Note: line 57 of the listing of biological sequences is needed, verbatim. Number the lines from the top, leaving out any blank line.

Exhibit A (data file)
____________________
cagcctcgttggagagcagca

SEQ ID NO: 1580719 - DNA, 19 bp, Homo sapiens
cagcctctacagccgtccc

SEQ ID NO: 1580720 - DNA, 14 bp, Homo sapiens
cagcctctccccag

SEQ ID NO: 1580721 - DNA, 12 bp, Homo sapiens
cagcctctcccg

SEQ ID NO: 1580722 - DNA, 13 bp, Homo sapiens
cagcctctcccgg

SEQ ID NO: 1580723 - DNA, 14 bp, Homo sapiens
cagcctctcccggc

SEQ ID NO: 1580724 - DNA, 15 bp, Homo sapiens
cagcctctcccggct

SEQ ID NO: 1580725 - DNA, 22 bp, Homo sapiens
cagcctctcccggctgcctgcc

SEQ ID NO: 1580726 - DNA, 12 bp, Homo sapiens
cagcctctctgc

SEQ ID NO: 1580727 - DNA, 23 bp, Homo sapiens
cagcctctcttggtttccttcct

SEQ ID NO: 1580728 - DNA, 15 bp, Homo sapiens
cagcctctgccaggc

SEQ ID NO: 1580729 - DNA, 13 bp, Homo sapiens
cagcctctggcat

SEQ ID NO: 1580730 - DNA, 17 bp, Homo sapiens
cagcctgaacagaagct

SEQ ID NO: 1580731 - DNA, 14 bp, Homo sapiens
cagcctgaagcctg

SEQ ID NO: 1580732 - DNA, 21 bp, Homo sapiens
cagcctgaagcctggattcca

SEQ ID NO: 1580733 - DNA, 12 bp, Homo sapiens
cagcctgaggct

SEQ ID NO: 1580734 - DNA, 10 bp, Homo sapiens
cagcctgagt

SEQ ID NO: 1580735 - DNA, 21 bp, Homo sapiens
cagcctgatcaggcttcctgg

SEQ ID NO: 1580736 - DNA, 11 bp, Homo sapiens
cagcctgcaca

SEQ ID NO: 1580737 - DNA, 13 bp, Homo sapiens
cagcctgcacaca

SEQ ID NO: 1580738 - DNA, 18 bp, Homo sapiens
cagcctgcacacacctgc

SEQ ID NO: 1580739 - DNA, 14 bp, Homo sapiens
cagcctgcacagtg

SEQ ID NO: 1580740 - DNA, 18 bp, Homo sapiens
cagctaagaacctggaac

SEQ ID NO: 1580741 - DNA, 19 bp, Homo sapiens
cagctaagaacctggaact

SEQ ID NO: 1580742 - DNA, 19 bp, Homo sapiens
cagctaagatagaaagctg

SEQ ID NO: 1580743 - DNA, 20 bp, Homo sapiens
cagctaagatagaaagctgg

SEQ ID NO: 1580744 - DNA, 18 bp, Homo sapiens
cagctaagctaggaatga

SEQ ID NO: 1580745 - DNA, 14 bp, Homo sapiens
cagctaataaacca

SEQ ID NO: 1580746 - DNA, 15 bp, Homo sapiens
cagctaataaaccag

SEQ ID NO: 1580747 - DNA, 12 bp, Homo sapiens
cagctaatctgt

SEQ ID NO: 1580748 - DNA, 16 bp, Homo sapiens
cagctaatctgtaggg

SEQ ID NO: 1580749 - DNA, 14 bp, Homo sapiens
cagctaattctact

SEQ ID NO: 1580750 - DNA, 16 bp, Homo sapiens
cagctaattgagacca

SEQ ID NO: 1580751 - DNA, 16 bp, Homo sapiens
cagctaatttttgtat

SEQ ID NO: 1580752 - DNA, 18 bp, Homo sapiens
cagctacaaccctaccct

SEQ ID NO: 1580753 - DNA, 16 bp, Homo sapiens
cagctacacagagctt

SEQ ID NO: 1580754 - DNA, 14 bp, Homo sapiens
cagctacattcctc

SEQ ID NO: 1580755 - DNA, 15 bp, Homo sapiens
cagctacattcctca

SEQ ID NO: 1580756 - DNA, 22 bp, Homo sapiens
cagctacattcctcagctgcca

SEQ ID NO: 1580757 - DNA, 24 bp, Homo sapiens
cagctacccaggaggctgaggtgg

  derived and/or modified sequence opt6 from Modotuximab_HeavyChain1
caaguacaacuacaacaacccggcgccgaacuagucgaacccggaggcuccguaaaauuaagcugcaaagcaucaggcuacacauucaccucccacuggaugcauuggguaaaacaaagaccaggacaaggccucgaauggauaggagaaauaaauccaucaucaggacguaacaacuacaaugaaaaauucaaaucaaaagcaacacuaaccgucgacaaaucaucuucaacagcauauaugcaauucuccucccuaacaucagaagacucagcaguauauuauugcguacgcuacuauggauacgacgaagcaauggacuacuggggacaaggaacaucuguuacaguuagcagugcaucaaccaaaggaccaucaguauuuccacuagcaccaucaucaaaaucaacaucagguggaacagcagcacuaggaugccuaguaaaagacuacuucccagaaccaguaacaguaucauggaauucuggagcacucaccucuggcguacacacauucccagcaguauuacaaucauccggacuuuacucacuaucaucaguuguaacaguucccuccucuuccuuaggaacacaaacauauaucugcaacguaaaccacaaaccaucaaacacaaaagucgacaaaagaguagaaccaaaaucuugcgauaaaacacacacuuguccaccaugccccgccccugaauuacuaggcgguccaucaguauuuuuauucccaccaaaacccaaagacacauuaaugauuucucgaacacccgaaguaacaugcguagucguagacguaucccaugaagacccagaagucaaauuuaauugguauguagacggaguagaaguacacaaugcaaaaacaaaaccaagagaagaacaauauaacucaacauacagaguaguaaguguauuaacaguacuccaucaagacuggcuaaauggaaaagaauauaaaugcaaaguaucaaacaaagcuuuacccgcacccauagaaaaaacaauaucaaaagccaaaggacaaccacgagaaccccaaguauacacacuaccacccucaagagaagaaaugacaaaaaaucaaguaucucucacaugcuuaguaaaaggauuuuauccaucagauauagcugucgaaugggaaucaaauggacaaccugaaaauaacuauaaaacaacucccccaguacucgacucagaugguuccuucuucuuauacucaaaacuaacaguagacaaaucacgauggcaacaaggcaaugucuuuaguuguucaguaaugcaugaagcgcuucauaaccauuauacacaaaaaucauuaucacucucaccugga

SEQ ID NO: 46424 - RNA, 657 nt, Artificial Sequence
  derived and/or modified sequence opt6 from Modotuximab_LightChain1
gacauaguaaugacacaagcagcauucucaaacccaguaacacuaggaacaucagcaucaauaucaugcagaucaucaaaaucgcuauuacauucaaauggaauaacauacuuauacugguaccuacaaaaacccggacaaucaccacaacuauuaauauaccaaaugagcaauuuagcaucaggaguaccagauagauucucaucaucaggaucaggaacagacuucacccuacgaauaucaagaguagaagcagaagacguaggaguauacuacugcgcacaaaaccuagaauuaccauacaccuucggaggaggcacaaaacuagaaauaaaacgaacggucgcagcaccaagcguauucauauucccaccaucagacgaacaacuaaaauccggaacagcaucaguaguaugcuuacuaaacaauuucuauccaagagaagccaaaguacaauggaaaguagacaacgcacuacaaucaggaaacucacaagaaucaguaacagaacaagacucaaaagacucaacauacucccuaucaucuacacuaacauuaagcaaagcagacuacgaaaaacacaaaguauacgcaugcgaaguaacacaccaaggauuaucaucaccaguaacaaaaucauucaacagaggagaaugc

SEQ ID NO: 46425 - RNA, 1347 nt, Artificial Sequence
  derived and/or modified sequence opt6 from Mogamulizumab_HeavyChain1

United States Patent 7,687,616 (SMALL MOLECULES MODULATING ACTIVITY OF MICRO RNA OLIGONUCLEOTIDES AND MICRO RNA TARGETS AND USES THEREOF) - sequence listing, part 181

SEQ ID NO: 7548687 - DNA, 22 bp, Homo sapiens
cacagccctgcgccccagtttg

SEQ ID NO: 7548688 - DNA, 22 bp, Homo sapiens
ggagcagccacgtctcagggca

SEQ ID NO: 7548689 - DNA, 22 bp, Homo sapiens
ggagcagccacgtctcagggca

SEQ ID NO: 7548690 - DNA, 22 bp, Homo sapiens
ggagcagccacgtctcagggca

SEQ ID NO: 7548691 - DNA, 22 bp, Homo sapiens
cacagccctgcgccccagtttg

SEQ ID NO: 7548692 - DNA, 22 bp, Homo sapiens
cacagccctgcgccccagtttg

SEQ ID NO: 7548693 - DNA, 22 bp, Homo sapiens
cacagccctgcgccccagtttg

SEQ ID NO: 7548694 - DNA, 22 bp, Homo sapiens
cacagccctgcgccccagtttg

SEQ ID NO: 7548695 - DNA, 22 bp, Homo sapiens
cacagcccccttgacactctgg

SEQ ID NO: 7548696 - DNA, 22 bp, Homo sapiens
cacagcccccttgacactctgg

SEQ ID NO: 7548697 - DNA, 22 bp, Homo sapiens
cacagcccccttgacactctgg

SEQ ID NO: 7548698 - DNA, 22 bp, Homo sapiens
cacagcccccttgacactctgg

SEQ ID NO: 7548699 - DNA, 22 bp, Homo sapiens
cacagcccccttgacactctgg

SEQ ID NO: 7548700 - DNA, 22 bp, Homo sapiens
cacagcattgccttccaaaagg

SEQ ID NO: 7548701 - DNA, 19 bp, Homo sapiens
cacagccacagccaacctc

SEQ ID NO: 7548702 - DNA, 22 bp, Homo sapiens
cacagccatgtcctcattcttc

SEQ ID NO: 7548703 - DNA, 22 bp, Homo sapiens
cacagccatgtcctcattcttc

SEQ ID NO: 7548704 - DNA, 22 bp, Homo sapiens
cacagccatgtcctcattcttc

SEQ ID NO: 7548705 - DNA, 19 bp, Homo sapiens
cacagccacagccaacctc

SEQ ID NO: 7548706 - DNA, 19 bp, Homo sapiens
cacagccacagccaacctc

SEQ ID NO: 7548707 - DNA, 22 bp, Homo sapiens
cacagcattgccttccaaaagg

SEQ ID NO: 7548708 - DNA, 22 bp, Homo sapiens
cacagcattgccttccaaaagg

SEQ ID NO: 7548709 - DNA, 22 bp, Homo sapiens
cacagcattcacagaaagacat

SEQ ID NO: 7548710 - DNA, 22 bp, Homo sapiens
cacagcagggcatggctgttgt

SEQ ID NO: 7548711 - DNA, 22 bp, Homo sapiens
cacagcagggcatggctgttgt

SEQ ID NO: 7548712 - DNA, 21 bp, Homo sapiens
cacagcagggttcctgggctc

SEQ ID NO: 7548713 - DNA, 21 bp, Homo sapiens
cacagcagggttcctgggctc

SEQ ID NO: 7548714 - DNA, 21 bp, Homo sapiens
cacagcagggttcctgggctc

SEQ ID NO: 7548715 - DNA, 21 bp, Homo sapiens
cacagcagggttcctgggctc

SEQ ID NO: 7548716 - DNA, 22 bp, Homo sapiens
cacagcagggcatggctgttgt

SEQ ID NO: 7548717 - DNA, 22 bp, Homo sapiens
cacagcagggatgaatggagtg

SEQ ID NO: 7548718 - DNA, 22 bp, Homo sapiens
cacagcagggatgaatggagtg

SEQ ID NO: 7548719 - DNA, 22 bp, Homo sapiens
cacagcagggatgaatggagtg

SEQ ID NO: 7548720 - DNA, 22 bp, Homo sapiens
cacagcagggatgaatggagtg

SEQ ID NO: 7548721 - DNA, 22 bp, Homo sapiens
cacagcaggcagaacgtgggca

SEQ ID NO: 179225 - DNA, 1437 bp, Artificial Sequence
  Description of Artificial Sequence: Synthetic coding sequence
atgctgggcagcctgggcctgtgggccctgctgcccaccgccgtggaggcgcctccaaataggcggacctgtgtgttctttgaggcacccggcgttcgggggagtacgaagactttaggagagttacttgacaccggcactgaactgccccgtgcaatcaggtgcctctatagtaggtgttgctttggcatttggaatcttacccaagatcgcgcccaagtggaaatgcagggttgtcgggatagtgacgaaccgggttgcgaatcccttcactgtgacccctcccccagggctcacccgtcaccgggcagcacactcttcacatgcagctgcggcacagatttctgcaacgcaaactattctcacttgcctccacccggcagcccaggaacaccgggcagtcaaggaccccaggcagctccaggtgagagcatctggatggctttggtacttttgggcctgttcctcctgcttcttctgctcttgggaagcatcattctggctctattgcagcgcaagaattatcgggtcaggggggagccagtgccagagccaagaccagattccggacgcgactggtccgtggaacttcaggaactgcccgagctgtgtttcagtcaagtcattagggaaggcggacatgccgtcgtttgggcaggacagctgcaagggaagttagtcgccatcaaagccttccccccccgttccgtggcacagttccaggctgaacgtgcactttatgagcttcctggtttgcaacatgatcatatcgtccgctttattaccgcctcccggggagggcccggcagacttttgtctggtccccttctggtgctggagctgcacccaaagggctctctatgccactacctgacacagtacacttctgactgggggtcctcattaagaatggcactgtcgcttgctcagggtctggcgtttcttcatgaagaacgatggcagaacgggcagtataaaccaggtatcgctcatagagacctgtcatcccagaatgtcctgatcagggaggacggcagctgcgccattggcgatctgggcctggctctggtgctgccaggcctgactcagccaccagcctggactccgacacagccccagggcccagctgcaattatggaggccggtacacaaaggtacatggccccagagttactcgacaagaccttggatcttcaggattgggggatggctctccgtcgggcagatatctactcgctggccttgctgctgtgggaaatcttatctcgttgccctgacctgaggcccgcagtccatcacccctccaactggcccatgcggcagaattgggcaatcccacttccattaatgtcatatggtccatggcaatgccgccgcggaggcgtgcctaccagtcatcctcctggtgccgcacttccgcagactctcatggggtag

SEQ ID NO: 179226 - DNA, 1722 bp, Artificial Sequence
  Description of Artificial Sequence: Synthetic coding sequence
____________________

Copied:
cagctaataaaccag